- Research article
- Open Access
The effect of teaching puberty health concepts on the basis of a health belief model for improving perceived body image of female adolescents: a quasi-experimental study
BMC Public Health volume 20, Article number: 370 (2020)
As children approach adolescence, they focus increasingly on their appearance and physical attraction due to teenage body-image. Teaching the concepts of adolescent health changes an individual’s attitudes towards parts of the body. The health belief model (HBM) is one of the significant pedagogic models in health education. According to this model, the individual’s decision and motivation for adopting healthy behaviors depends on three separate categories “personal perception, adaptive behaviors, and probability of performing that action or behavior”. This study investigated the effect of teaching puberty health concepts on the basis of a HBM on perceived body image in female adolescents.
A quasi-experimental research design was used in the study. This study was conducted with 60 sixth grade girls in state elementary schools in Yazd, Iran, that were selected with cluster sampling method and assigned randomly into experimental and control groups. The experimental group were educated in the school during eight 45-min sessions based on the HBM, whereas the control group were educated using the traditional lecturing method. The data were collected with demographic and self-body image questionnaires completed before and after intervention. The data were analyzed with SPSS16 using analysis of covariance (ANCOVA).
The mean age of the participants was 12.16 ± 0.74 years. The findings showed that “perceived body image” and “students’ self-attitude” improved significantly after intervention; yet, no significant difference was found between the subscales “attitudes towards weight” and “satisfaction with various parts of the body”.
The results of the study confirmed the efficacy and efficiency of teaching puberty health on the basis of the HBM on improving perceived body image in female adolescents.
Body image is a multi-dimensional structure referring to how people think, feel and behave toward their physical characteristics. Therefore, the three dimensions of body image include evaluation, emotions, and investment (cognition). Evaluation dimension of the body image refers to the satisfaction or dissatisfaction of individuals with their bodies and their assessors’ beliefs about it. The emotional dimension of the body image pertains to the feeling of anxiety, distress and other emotions associated with the body, and the investment dimension of body image refers to the cognitive, behavioral, and affective importance of body for self-evaluation [1,2,3]. An individual’s perception of their body may change regarding the context in which it operates . Body dissatisfaction refers to the negative thoughts and feelings about one’s body and the perceived difference between the current and the ideal body size . The distortion of the body image refers to the incorrect perception of body shape or size . Body image and an attractive appearance is more important among adolescents than other classes of the society .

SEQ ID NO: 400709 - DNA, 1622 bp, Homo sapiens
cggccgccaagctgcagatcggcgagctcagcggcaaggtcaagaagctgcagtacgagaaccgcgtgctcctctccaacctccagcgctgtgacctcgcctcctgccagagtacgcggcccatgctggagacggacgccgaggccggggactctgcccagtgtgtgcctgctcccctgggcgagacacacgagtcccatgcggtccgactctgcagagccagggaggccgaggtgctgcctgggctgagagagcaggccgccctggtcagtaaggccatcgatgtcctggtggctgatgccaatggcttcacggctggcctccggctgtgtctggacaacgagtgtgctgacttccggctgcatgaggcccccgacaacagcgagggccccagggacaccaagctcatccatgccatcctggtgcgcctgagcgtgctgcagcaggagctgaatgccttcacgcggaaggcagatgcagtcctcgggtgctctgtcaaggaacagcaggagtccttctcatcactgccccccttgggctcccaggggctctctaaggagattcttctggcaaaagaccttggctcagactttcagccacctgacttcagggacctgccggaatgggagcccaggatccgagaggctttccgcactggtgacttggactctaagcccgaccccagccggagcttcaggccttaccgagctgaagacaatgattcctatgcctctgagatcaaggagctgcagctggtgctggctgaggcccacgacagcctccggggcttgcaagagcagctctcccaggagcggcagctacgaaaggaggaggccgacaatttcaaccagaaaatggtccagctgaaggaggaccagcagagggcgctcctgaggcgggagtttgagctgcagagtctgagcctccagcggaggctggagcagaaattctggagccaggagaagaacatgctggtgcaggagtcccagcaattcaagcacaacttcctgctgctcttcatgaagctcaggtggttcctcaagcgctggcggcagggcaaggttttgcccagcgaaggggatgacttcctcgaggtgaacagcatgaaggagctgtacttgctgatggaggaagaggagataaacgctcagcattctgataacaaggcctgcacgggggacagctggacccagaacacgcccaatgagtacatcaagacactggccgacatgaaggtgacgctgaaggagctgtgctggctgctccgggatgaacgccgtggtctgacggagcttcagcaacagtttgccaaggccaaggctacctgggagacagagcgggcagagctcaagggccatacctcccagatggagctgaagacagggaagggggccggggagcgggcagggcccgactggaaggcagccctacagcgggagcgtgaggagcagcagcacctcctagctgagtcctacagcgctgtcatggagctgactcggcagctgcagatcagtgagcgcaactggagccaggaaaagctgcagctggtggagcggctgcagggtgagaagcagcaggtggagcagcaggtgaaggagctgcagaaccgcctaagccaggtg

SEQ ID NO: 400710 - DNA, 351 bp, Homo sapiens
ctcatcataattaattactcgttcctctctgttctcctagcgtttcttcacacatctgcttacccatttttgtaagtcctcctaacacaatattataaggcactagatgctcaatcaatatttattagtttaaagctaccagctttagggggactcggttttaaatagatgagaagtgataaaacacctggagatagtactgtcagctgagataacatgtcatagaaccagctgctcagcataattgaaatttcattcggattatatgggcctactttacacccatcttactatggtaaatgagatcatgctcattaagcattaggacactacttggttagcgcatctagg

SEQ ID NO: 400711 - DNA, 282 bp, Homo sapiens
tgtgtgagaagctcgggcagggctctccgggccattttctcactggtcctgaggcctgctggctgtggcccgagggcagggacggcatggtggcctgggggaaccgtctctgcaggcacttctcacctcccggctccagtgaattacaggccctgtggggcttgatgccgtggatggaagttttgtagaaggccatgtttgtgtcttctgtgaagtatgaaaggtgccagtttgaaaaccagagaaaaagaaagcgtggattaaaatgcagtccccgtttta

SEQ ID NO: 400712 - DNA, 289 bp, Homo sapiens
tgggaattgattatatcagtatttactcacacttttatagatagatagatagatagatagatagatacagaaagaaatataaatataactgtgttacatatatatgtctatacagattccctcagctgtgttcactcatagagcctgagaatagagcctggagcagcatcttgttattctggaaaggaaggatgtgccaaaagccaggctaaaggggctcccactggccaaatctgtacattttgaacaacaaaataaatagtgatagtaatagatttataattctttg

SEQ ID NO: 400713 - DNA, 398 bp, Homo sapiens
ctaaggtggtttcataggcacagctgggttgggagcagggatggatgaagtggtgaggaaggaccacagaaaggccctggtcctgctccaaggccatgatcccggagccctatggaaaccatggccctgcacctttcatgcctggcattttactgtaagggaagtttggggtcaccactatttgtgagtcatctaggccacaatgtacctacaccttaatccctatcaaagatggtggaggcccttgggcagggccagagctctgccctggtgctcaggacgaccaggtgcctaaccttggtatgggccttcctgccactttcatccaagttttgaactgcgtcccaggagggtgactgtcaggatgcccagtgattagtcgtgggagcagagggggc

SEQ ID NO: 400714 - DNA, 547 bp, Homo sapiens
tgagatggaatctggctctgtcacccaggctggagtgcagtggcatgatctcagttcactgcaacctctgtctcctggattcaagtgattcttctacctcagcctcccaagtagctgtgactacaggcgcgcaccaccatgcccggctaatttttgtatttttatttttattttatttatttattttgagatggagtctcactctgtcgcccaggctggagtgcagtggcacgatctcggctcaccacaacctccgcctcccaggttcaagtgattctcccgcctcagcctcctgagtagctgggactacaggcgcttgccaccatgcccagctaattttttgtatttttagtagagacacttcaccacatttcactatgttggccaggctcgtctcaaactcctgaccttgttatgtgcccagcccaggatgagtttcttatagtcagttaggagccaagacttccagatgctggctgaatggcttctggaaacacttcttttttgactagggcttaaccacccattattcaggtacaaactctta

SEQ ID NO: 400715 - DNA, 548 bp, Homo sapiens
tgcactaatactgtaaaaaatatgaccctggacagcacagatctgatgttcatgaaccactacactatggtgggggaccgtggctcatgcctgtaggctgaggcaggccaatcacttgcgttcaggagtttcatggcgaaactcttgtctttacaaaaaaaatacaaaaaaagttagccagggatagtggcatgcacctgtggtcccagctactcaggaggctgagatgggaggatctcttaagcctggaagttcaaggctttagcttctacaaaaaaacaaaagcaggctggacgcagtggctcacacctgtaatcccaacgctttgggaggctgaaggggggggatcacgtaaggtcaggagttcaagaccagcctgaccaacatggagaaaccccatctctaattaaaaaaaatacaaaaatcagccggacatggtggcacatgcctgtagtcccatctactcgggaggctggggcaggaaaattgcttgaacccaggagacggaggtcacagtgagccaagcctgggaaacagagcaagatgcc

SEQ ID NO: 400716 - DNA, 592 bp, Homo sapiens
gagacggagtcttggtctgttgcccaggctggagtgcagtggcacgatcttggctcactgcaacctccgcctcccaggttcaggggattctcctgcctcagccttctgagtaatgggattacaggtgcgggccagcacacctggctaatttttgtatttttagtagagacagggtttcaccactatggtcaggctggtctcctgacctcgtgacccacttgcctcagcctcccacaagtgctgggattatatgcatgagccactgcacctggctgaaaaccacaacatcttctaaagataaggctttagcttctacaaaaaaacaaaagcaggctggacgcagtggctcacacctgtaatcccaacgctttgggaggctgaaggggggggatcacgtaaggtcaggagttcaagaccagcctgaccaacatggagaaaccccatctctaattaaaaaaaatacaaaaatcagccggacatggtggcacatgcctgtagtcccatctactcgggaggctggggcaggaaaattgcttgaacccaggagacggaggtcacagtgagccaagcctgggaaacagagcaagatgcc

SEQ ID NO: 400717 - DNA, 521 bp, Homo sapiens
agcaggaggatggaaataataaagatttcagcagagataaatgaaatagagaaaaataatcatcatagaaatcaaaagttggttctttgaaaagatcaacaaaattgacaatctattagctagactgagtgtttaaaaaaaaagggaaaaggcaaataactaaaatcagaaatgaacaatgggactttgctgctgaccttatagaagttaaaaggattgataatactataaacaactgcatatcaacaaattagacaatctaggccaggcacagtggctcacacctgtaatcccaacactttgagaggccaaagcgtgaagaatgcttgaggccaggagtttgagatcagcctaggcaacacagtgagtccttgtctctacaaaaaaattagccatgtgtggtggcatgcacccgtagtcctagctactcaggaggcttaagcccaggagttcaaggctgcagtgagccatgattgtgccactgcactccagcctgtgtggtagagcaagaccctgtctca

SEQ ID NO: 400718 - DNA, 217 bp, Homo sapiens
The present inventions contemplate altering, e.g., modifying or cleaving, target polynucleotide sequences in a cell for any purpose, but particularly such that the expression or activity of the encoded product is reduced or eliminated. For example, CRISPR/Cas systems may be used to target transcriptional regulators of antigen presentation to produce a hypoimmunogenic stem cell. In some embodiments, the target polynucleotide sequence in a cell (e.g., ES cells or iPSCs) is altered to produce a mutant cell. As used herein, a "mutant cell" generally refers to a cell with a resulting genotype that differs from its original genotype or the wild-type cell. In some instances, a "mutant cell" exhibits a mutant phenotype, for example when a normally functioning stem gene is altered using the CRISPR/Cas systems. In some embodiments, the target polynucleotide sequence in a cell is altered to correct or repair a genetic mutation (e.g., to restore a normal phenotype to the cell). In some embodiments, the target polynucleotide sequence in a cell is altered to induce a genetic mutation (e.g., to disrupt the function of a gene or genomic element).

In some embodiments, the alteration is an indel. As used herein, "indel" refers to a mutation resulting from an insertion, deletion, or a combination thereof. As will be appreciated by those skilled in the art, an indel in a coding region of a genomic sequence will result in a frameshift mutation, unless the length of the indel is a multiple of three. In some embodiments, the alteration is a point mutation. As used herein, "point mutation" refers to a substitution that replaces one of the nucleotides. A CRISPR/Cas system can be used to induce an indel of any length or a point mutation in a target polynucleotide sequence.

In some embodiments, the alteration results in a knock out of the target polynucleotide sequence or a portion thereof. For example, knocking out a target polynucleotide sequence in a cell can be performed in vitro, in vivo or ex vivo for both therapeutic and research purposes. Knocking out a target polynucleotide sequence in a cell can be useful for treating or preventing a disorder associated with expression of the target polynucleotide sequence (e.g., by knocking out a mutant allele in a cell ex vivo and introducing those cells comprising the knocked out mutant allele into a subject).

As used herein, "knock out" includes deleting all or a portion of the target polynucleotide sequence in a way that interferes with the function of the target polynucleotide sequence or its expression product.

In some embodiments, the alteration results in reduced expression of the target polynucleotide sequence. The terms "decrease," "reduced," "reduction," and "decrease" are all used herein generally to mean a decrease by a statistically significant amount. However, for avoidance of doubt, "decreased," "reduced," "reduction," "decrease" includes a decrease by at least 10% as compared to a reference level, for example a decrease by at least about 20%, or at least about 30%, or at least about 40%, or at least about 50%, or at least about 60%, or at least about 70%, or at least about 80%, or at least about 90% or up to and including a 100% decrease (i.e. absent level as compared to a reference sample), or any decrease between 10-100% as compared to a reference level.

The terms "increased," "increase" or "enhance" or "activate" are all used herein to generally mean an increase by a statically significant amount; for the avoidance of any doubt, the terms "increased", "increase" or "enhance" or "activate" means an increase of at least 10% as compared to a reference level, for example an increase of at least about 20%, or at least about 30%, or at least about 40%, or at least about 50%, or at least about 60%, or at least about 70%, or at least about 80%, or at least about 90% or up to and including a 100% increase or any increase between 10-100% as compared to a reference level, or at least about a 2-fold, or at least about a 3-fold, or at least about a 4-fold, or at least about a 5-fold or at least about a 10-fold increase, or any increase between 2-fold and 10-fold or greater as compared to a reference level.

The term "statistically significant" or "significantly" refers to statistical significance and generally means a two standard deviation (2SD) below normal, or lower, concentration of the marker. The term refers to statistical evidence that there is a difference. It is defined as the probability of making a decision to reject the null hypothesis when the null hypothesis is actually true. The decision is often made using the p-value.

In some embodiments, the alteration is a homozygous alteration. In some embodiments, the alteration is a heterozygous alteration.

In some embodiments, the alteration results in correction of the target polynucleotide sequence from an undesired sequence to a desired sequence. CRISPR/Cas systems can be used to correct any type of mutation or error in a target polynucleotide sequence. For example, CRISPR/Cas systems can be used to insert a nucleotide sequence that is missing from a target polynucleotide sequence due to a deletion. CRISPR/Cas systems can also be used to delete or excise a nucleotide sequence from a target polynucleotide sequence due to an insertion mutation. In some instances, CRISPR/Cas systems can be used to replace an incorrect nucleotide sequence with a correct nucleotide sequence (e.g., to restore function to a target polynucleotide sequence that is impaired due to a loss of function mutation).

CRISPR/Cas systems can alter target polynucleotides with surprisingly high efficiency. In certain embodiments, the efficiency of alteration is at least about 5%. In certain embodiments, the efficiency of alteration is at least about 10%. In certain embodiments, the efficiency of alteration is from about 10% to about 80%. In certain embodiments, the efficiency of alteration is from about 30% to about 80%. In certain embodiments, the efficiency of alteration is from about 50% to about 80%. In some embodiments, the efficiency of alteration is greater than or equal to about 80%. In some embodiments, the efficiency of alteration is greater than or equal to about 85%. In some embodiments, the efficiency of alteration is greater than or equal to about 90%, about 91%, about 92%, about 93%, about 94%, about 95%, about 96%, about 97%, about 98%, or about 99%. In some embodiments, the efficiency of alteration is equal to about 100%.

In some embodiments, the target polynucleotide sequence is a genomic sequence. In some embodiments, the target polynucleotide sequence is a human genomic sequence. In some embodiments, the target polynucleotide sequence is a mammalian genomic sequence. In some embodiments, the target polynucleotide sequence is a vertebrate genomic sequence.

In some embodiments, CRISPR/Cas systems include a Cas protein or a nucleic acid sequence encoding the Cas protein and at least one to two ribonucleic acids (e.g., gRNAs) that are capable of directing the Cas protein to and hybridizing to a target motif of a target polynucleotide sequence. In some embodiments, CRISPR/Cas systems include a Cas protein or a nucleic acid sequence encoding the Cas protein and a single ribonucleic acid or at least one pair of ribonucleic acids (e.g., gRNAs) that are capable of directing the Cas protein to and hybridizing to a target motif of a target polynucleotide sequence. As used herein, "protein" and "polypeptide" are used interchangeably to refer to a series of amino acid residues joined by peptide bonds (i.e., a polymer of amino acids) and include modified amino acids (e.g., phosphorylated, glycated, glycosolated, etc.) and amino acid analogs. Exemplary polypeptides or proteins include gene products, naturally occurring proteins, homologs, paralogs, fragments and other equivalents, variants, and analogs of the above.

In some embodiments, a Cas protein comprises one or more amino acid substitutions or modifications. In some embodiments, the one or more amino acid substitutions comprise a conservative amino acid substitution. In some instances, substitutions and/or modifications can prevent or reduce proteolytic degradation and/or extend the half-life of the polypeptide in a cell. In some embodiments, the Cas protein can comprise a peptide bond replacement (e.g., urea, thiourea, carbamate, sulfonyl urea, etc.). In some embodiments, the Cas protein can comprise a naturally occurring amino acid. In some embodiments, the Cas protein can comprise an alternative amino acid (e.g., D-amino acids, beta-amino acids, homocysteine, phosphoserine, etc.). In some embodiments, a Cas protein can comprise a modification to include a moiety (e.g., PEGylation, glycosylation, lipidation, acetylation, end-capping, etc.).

On the other hand, sociocultural factors, especially perceived pressure from others and comparing oneself with others, influences body image . Over the last decades, Iranian girls have been greatly concerned with body slimness and fitness. Satellite propaganda and also commercial ads in health and beauty magazines contain a huge volume of ads on slimness and fitness .
Adolescence begins with puberty and is characterized by significant changes in hormonal levels and physical appearance (e.g. rapid physical growth, changes in the face structure and appearance of secondary sexual characteristics), and psychological and social characteristics [10, 11]. Adolescence is associated with a specific vulnerability to mental image disorder , and body dissatisfaction is prevalent among adolescents . During these years, girls develop more problems in relation to body image than boys [1, 12], i.e., although maturity draws boys closer to the ideal body of men in terms of culture, it draws girls away from the current ideal fitness and raises concerns about body image . Studies indicated that body satisfaction is low in 46% of girls and 6% of boys; also, 59% of overweight girls and 48% of overweight boys showed low satisfaction with physique . Underweight girls have more body satisfaction than those with normal weight and those overweight, while being underweight and overweight in boys is associated with lower body satisfaction [15, 16]. According to research, body image disorder is associated with eating disorders, psychiatric distress, performance disorders, sexual dysfunction, depression, low self-esteem, preoccupation with appearance and cosmetic surgery [13, 17,18,19,20,21].
Furthermore, changes during puberty contribute to the critical period adolescence brings leading to probable anxiety . Some studies in this field demonstrated that 61.7% of female students experienecd moderate to severe anxiety during their puberty . Additionally, anxiety in the onset of adolescence may predispose teenagers to sensitivity in interpersonal relations and reduced compatibility . Puberty health and awareness of the causes of special changes that occur during this period can reduce the incidences of many problems that can happen during this period and thereby diminish anxiety .